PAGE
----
by Hanif Kureishi: British man of letters Hanif Kureishi, OBE, has been, variously, a novelist, playwright, filmmaker, writer of pornography, victim of financial fraud, and sometimes reluctant professor of creative writing. His newest novel takes on another man of letters, Mamoon Azam, a fictional lout rumored to be based on the non-fictional lout V.S. Naipaul. Echoing Patrick French’s biography of Naipaul, Kureishi (who has assiduously avoided drawing comparisons between his novel and Naipaul) describes an imperious and irascible master of post-colonial fiction and his hapless biographer. (Lydia)
James Ferron Anderson was born in Northern Ireland. One of his first short stories, The Bog Menagerie, won the Bryan MacMahon Short Story Award. He won the Escalator Award in England with I Still Miss Someone. He is a Writers’ Centre Free Reads winner. Something to Do, another short story, was broadcast on Short Story Radio. The River and The Sea won the Rethink New Novels Award in 2012. He is currently working on Terminal City, a crime story set in Vancouver in 1959.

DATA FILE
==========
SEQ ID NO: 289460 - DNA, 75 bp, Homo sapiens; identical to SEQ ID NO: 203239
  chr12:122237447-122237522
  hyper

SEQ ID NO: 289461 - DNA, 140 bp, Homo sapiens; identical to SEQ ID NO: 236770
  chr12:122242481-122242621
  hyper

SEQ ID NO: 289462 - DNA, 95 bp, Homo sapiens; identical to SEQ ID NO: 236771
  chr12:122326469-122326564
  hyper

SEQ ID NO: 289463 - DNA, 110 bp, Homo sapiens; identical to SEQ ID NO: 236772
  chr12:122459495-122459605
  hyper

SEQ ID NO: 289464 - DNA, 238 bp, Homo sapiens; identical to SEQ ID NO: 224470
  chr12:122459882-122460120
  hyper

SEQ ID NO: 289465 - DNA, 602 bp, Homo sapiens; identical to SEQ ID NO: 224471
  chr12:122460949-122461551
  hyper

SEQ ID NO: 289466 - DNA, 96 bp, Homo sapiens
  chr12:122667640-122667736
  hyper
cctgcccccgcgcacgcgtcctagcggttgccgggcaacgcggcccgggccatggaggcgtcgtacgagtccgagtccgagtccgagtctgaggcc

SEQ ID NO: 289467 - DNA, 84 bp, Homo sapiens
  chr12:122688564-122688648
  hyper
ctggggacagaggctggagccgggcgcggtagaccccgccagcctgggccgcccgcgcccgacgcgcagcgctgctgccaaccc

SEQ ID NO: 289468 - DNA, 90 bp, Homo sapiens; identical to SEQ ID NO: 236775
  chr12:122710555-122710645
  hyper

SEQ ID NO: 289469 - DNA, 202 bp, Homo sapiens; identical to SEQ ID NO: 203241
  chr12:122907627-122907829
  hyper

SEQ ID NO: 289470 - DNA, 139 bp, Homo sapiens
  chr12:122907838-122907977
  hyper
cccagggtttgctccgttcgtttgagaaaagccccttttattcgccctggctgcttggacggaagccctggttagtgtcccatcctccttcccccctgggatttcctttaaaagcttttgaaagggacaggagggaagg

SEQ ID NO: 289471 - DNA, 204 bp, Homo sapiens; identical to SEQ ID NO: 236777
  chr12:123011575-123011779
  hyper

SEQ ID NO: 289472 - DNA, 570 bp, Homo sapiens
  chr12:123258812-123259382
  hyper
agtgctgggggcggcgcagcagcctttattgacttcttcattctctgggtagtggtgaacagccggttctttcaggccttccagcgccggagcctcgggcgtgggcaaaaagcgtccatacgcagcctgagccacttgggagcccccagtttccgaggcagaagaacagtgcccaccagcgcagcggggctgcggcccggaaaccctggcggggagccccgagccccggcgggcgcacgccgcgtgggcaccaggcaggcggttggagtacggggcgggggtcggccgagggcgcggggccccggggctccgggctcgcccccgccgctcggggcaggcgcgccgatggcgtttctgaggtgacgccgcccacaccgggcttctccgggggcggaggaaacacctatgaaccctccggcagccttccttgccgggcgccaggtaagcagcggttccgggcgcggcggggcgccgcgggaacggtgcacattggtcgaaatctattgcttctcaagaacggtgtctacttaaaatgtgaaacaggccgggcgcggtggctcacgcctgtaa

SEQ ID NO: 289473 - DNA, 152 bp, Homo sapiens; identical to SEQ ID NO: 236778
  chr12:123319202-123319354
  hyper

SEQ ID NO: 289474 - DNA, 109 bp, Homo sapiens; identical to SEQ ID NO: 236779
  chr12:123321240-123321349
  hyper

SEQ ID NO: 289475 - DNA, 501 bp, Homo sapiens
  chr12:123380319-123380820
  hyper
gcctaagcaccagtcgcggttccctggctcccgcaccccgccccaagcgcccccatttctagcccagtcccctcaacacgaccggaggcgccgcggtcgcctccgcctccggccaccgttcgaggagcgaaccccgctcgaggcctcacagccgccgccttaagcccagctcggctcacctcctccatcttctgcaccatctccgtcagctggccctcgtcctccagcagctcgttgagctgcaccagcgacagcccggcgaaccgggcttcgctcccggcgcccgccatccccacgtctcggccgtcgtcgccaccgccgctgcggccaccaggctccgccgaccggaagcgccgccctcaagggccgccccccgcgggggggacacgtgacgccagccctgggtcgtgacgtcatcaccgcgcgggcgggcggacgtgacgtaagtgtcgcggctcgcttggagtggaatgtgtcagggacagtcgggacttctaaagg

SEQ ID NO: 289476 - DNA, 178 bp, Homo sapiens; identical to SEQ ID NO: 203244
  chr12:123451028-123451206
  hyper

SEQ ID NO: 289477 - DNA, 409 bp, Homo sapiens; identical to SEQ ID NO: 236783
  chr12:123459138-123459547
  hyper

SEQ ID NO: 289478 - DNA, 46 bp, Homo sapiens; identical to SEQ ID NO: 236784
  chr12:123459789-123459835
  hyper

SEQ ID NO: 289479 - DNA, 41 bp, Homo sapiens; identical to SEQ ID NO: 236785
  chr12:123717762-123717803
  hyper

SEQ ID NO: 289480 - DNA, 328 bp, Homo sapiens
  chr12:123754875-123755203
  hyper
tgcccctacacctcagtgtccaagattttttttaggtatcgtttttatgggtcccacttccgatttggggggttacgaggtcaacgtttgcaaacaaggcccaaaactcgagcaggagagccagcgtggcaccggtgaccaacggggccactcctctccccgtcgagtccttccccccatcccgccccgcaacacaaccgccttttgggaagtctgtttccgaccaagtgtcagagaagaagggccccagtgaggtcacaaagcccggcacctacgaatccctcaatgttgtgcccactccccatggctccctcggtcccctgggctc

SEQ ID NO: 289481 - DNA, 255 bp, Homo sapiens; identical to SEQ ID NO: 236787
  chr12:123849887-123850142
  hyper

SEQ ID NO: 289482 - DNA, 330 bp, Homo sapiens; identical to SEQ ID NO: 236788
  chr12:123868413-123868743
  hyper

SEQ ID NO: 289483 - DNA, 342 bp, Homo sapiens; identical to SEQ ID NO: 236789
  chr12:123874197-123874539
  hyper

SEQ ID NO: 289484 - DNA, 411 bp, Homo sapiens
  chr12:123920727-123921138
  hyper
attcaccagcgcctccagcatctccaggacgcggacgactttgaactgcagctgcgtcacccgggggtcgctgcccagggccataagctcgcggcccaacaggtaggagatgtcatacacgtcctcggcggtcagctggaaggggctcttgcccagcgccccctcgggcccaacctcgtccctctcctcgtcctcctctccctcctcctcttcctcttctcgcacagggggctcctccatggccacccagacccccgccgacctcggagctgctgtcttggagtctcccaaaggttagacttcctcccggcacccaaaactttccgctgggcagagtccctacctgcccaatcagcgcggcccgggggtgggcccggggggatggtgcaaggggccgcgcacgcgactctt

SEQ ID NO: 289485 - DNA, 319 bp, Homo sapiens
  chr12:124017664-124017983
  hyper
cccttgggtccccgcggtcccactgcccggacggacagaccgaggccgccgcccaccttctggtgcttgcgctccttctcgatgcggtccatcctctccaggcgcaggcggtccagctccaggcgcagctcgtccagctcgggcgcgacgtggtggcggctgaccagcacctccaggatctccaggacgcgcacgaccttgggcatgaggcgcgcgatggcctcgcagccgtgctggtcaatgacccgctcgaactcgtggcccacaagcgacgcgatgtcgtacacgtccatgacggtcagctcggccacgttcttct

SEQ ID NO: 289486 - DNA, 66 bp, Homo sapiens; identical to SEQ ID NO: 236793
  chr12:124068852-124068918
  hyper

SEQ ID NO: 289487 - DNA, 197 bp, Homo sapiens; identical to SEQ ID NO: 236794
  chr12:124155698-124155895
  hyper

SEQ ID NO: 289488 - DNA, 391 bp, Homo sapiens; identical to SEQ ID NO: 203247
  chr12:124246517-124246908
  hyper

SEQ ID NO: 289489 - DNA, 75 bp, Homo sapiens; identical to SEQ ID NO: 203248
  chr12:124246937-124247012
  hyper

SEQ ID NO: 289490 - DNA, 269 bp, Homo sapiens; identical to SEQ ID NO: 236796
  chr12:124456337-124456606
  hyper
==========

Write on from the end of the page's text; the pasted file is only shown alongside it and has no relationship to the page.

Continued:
by David Vann: Vann, whose work previously at The Millions, returns with a new novel in March. Library Journal offers high praise: “Since electrifying the literary world five years ago with his debut novel, , Vann has racked up an astonishing number of international awards. This lovely, wrenching novel should add to that list.” (Thom)
by Peter Carey:Â Careyâs new novel uses a cyberattack as the lens through which to consider the often-fraught history of the relationship between the United States and Australia. A radical hacker releases a worm into a computer system that governs both Australian and American prisoners. The doors of five thousand prisons in the United States are opened, while in Australia, hundreds of asylum-seekers escape. An Australian journalist, determined to figure out the motivation behind the attack and trying to save his career, struggles to get the hacker to cooperate on a biography.Â (Emily)